Steams recent winter sale had Final Fantasy 9 on discount. Since I’ve been meaning to play FF9 for awhile now, that and a good price made for a match made in heaven!
Whilst playing these are ‘designery’ thoughts I had during the first several hours of it:
FF9 starts you off in a dark room where it easy to focus on your player and understand movement. It then lights up the wider environment.
Narrative reinforcement – One moment where you have to remember and mention the princess name when they are going over kidnapping plan.
Level Exploration – In the scene below your character enters the scene from the bottom of the screen. Once you have control of the character the world fulfills the expectation of continuity by providing an area that’s the opposite way the player is encouraged to go (using the crowd who moves forward).
Lots of and easy to find initial pick ups from environment to quickly establish and encourage exploring the environment for rewards.
Storytelling Moments – Initial area showcases poverty/class differences through characters in the scene.
Lots of encouragement to explore through cutscenes. For example Steiner locked in room and the cutscene shows you are treasure chest which encourages you to go there.
Love the variation of activities right from the start such as finding the knights of pluto, and a scene of quick time events of sword fighting.
Writing Prompt: Name a game with fictional architecture that is based on real-world architecture. What does the use of that style convey about the in-game builders of that architecture? What mood does it create?
After studying a number of architectural styles. I believe a major architectural influence on this cities style is the Gothic style. In particular the Gothic Revival and Gothic Victorian style on its civilian structures.
What does the style convey?
In the world of Final Fantasy 9, Lindblum is regarded as the most technologically advanced nation who is making amazing progress. Their architecture seemingly melds a colorful Victorian Gothic style with sophisticated metal work in a high density of buildings. In addition sections of the city we see in the background are mind defying steep leaving on in wonder of how this is even possible? Additionally:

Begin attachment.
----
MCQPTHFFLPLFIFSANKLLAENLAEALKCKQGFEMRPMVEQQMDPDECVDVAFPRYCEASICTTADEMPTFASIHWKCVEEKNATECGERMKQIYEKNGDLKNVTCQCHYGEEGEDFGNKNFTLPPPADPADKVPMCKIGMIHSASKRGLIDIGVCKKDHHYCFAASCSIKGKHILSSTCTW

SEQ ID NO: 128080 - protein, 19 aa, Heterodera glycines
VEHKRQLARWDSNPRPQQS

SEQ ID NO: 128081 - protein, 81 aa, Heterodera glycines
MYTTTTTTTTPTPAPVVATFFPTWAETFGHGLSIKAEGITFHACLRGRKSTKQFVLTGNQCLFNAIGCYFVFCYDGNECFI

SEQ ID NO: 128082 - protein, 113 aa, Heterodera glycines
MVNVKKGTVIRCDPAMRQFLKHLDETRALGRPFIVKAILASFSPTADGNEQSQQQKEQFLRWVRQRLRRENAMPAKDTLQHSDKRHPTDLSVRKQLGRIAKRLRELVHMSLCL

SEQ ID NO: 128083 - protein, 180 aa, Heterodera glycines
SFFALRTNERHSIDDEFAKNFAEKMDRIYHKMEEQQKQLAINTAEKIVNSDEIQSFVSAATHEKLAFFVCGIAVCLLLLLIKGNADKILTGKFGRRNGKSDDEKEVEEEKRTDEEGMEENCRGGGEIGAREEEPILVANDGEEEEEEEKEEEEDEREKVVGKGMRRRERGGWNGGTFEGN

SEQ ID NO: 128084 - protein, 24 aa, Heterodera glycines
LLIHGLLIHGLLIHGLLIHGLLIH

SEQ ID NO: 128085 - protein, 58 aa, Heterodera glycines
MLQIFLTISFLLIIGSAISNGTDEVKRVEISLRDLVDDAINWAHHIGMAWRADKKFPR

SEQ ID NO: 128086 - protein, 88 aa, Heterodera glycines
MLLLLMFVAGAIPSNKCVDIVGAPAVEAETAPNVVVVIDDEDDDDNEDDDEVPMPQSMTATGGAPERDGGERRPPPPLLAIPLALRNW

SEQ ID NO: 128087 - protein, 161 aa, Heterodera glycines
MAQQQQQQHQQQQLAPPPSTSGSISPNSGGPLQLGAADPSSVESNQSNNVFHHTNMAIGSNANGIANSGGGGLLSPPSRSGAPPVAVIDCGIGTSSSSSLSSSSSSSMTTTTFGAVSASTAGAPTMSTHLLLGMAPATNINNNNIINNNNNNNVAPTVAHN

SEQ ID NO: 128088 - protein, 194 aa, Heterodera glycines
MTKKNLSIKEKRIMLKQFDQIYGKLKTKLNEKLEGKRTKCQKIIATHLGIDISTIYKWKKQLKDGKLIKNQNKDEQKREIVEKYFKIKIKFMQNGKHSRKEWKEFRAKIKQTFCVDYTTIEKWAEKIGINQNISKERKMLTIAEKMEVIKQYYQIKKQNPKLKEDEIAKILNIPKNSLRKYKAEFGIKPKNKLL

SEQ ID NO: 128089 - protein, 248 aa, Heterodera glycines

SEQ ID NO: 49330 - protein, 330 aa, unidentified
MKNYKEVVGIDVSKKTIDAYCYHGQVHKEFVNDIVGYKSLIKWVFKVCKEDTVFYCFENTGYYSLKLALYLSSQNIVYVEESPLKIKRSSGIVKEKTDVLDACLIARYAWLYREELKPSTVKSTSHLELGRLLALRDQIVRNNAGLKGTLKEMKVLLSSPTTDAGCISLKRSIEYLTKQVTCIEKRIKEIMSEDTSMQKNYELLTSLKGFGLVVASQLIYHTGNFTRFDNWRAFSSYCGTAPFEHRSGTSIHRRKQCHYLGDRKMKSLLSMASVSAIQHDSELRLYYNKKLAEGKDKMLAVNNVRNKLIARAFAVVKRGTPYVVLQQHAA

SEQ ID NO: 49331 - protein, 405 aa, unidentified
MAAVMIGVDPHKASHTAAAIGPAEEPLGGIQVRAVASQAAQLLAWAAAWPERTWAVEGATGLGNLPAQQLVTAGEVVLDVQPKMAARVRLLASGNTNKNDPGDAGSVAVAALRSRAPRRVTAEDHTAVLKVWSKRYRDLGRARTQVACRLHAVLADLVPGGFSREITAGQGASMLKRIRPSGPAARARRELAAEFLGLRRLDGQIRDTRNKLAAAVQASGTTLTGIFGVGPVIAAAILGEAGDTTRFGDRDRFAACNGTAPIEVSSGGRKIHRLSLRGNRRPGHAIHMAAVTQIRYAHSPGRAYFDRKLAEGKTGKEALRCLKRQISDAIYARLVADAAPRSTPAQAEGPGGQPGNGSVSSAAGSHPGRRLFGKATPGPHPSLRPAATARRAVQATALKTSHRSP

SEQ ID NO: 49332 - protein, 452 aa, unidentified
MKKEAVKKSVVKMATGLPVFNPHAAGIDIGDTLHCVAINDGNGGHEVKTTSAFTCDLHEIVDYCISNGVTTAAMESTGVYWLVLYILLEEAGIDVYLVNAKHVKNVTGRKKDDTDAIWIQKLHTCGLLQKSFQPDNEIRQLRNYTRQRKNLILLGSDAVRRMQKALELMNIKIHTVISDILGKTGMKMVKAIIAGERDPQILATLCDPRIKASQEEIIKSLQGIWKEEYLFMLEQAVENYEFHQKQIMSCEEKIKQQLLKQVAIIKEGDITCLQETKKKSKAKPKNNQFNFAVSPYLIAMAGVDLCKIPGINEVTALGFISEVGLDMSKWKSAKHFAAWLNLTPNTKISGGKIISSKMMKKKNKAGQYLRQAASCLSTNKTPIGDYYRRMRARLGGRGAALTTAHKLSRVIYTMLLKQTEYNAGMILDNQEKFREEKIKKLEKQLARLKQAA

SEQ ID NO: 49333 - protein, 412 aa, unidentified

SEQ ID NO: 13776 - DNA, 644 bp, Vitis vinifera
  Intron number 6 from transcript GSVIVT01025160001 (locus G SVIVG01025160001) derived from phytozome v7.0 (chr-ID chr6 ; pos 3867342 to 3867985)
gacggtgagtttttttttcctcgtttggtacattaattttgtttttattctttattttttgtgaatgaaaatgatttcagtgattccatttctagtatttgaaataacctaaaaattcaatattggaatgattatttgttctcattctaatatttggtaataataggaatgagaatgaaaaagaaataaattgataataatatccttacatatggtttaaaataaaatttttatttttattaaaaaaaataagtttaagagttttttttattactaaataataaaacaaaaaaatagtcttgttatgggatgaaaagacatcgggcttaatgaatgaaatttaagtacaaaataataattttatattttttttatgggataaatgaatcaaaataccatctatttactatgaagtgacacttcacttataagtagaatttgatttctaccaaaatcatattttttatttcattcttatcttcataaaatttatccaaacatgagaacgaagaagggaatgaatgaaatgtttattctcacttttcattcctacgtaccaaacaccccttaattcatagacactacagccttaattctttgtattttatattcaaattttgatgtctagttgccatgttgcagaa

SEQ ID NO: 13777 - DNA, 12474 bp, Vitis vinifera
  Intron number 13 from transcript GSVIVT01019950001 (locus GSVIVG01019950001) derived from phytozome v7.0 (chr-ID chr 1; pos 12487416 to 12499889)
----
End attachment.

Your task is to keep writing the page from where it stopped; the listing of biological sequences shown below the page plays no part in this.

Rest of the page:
Clocks appear several times often embedded into buildings. This could imply a ‘precise society’.
The Gothic style is popular in the fantasy game genre. Given this is such a game the combination make for an interesting style to create the sense of a technologically advanced fantasy city.
So given the contrast of comparatively less ‘technologically advanced’ architecture styles the player has encountered before. The result I feel creates a mood of ‘wonder’ and ‘buzzing progress’, and leaves an impression that the builders are highly advanced.
Hot on the trail of a big find, Nathan Drake’s destination is Al-Hambra’s Alcazaba (fortress) in search of a vital clue. Unfortunately for him, his arch-nemesis Doctor UptoNoGood and his mercenaries are already on the scene! Now our plucky adventurer must contend with them in-order to reach his goal!
Traverse the layout to the indicated door, and defeat any enemies encountered along the way.
Nathan Drake: The player is Nathan Drake.
Mercenaries: Foreign mercenaries hired by Doctor UptoNoGood.
Atreus has been kidnapped by Skadi the Goddess of Winter in the previous level. With Atreus in tow Skadi has fled to her Temple in the snowy mountains. Kratos, chasing the Goddess, has finally arrived at Skadi’s Temple and now must ascend it to save his son.
Kratos storms into Skadi’s Temple. He is awestruck not only by the scale of the Temple, but by the great statue that is carved into the side of the Temples tower. Unfortunately Kratos has no time to dwell on such thoughts as he is not alone.
Dev Note – The view of the statue is foreshadowing Beat 3.